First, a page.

In the beginning, the Great Technician created the Sonos speaker system. And it was good, as music reverberated around the Earth. But, realizing his new invention would not play well with others, he ordered the creation of Play-Fi and AllPlay and urged them to be fruitful and multiply.
The result is a growing choice of speakers that you can program to play different content in different rooms, enjoying great music as you amble about the house.
Play-Fi technology was developed by DTS and allows you to mix and match speakers from different manufacturers, placing up to eight of them throughout your house. The result is a system of speakers that use your WIFi network that can either work together, playing the same music, or work separately, giving you different tunes in each room.
The folks at DTS tell us the Play-Fi universe is growing, but we limited our tests to speakers from Polk Audio, Phorus and Wren, placing them in the kitchen, office and bedroom.
AllPlay is a WiFi-based technology developed by Qualcomm designed to provide the same features as Play-Fi for up to 10 speakers. Unfortunately,, as of this writing, we were only able to obtain product from Hitachi to conduct our tests. Panasonic, Monster and Altec-Lansing have also climbed aboard the AllPlay bandwagon, but we were unable to obtain speakers from them.
Both technologies worked as advertised, but we were a bit disappointed that neither one allowed us to stream music from our cloud-based music server using a smartphone or tablet. We were, however able to access our favorite tunes using PlayFi and a PC. Both do, however, allow you to stream tunes and playlists from Pandora, Spotify, Internet radio stations and several other steaming audio services. Both systems also provide so-called lossless audio technology and are able to play files created in all of the popular formats.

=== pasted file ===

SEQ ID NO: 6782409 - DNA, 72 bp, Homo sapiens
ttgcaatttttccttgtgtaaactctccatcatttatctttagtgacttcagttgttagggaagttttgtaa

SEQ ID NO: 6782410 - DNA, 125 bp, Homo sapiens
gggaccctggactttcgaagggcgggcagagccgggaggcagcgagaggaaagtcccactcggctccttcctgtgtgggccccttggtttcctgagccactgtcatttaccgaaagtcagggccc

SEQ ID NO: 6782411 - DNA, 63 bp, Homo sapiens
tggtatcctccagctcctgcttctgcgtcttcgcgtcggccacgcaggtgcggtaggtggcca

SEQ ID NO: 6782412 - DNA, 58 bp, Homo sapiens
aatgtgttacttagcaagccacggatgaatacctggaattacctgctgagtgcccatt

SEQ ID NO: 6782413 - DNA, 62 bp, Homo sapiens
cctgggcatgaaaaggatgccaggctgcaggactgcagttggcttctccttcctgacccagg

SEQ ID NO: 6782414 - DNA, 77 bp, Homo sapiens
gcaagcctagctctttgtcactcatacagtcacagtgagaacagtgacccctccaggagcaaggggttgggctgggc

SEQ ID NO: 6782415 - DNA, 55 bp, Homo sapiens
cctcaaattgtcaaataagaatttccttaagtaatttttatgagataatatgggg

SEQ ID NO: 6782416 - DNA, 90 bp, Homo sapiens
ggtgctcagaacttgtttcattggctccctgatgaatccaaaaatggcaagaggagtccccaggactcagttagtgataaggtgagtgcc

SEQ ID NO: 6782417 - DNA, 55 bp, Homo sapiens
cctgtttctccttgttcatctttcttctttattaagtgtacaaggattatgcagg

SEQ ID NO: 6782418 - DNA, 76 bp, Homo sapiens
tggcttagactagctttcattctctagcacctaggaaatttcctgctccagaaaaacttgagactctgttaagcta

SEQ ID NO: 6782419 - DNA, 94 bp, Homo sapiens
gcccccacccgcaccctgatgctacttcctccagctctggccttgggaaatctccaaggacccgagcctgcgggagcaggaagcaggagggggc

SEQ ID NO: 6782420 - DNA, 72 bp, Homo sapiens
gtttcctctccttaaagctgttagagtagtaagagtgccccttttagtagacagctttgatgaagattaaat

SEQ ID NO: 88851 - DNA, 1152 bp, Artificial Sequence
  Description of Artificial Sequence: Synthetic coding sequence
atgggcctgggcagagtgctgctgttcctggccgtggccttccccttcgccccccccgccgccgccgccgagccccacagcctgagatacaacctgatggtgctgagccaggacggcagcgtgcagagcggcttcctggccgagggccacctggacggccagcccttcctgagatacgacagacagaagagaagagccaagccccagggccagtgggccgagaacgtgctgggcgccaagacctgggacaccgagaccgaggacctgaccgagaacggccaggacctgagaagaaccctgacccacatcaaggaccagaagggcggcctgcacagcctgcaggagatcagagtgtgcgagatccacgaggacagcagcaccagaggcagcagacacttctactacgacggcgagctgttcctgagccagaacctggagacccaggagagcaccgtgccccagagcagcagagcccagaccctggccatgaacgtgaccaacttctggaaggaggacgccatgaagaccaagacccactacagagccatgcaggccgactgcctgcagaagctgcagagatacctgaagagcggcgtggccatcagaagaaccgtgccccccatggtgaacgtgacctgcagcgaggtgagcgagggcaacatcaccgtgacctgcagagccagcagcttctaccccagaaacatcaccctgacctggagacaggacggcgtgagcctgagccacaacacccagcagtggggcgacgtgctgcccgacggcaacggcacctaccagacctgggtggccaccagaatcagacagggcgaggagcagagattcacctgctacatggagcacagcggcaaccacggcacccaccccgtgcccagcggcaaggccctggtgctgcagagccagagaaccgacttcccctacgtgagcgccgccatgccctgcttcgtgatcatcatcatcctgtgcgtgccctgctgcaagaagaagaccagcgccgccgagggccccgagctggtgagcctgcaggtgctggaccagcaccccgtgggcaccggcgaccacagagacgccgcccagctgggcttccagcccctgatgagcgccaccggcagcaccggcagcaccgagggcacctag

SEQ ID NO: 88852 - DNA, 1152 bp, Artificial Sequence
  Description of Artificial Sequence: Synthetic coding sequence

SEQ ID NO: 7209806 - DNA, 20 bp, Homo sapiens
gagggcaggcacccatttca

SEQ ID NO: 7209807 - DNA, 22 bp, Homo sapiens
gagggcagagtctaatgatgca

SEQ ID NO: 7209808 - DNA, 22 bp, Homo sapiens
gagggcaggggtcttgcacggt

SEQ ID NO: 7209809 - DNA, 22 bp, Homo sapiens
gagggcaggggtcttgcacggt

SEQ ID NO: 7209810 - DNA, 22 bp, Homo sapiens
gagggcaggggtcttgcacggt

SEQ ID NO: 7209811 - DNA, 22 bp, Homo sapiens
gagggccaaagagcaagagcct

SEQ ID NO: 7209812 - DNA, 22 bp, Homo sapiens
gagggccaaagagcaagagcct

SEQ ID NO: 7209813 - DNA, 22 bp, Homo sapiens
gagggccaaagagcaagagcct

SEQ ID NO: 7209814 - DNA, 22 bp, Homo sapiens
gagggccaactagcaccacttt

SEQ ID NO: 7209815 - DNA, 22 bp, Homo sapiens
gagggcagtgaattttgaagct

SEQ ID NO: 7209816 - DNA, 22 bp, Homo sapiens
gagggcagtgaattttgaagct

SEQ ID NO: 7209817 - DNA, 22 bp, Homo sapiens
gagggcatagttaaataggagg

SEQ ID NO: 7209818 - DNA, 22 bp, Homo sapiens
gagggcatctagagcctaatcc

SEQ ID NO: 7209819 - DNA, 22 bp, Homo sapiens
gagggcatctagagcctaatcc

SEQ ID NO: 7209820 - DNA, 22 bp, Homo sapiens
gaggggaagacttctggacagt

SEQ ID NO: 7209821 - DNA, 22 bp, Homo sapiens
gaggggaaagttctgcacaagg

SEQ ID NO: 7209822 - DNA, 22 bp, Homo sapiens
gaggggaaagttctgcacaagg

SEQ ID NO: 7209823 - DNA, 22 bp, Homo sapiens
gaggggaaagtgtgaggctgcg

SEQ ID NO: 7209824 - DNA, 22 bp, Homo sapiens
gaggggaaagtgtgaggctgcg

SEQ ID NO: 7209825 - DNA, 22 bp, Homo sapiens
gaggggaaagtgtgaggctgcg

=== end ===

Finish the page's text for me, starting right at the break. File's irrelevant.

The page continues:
Basically all we had to do was install a Play-Fi or AllPlay app on our devices and we were ready to go. Both systems recognized all of the speakers using their technology, although we found that it took less time for so-called “discovery” if we were in the same room as the speakers.
Of course, since both of these systems use WiFi to communicate, neither will work away from home. Fortunately every speaker system we used gives you the option of using Bluetooth or a USB cable, so you can take them with you.
The speakers we used delivered sound quality ranging from decent to a bit above average, with the Polk Audio Omni S2 becoming our favorite among the PlayFi systems. It’s small size and big sound won us over, with the much larger Phorus PS5 and Wren W speakers coming in at second and third.
But the best of all the systems we tested was the Hitachi Smart Wi-Fi W200 speaker that delivered a room-filling 22 watts of power. The only drawback is that you have to use a Hitachi-specific AllPlay app to access the speakers using the devices on your network. This is inconvenient, especially if you’re using AllPlay devices from several manufacturers. It can also be used with Bluetooth and USB and NFC compatible devices.
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